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    Entries in competition (14)

    Wednesday
    Aug022017

    Defining the competition

    There are two schools of thought on how an organization should think about its competition - for customers, market share, talent, brand awareness, etc.

    One approach is to study your competitors closely, monitor their strategies, actions and decisions, and devote a lot of resources and energy to roles like competitive intelligence gathering, market analysis, and the development of specific playbooks focused on your main competitors to prepare your salespeople for what they are likely to encounter in the field. I'd say that in enterprise tech, HR tech for sure, this is the approach that most medium-to-large providers take.

    The alternate approach is to largely ignore specific competitors and spend the vast majority of your time working on product, message, and lots of internal and specific capabilities like implementation, service, support and the like. This is often the approach startup tech companies take as they likely have to spend most of their time trying to define their own message, communicate their unique value proposition, and if they are truly innovating in the market their competition may not even actually exist. Or said differently, they often are competing against 'doing nothing' and not against a competing product or service. 

    And truly most companies probably exist somewhere in between these two extremes - thinking about the competition some, and other times taking a more internal focus. And this focus usually skews towards former as the company grows, enters new markets, or begins to attract new competitors (success breeds competition). 

    I thought about this 'competition continuum' when I caught this piece on Venture Beat - Amazon's name pops up on 10% of U.S. earnings conference calls, a nod to the retail/tech/distribution giant's outsize reach in the US economy right now.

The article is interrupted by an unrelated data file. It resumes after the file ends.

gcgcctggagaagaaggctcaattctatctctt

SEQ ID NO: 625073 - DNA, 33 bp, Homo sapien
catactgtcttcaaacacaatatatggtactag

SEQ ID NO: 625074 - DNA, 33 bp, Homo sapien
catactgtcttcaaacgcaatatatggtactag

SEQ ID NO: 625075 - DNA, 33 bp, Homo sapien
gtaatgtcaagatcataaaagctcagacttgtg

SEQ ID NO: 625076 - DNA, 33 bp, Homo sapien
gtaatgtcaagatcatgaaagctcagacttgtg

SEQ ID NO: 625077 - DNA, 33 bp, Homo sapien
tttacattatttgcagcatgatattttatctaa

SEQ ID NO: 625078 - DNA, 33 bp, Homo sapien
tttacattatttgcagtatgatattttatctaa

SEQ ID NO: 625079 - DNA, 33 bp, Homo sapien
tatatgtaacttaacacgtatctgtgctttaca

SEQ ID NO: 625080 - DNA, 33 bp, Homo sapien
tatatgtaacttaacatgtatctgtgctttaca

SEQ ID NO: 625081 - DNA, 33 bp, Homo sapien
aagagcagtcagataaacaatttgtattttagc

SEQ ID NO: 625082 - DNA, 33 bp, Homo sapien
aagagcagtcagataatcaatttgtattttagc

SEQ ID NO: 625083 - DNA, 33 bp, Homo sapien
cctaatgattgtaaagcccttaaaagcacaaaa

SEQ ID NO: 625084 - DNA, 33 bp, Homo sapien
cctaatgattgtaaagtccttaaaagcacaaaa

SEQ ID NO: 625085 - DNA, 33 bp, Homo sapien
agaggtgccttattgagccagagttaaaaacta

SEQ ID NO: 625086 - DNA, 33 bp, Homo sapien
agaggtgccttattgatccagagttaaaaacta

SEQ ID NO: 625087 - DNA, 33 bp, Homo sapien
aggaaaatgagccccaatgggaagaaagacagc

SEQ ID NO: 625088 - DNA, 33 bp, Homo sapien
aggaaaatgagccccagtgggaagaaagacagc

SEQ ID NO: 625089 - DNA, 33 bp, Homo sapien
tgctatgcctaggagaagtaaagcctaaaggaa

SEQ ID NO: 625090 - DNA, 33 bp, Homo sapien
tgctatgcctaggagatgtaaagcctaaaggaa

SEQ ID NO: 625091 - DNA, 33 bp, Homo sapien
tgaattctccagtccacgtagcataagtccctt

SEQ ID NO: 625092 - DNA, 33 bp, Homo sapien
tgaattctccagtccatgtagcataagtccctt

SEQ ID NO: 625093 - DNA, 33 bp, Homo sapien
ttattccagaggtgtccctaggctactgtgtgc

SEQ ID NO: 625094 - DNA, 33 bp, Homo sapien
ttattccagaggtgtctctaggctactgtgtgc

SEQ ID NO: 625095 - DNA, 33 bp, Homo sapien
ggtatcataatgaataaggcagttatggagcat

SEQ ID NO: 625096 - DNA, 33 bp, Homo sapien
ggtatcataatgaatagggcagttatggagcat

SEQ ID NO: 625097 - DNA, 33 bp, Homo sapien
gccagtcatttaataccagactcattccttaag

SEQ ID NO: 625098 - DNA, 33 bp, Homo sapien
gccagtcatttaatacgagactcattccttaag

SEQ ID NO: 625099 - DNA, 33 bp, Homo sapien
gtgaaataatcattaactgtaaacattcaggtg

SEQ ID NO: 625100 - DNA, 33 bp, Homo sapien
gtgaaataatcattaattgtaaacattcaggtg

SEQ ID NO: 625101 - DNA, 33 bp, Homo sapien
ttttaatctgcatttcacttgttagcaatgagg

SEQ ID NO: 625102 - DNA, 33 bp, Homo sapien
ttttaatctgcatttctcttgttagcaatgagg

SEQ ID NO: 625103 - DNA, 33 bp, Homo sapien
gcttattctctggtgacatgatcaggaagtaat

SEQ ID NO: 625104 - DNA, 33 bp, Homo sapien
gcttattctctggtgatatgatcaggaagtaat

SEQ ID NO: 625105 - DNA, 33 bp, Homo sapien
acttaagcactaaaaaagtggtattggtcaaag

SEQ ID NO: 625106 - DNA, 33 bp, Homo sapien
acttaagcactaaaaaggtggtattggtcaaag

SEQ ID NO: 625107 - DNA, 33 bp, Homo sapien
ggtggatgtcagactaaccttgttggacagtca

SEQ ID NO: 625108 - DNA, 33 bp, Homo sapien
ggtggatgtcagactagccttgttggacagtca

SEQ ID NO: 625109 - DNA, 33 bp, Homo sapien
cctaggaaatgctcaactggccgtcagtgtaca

From the VB piece:

    Almost 700 U.S. companies have reported quarterly results so far this earnings season, and the e-commerce titan’s name has popped up on roughly one of every 10 earnings conference calls so far. And the retailers whose lunch has long been eaten by Amazon.com Inc haven’t even reported yet.

    In all, Amazon has been raised either in passing or with some urgency on 75 calls hosted by corporate chieftains in the past several weeks, according to a Reuters analysis of call transcripts from components of the S&P 1500. That’s well more than twice as many mentions as Google or its parent Alphabet Inc and over three times as many as Apple Inc.

    Everyone from traditional retailers to 'big tech' companies like Microsoft and IBM all the way to Dow Jones stalwarts like 3M and Johnson & Johnson all have at least one eye on what Amazon is doing.

    It is kind of incredible to think that Amazon is now a real (or imagined) competitive threat across such a wide range of industries and companies.

    But here's what at least I thought was the really interesting thing about the piece, and the reason for the post in the first place.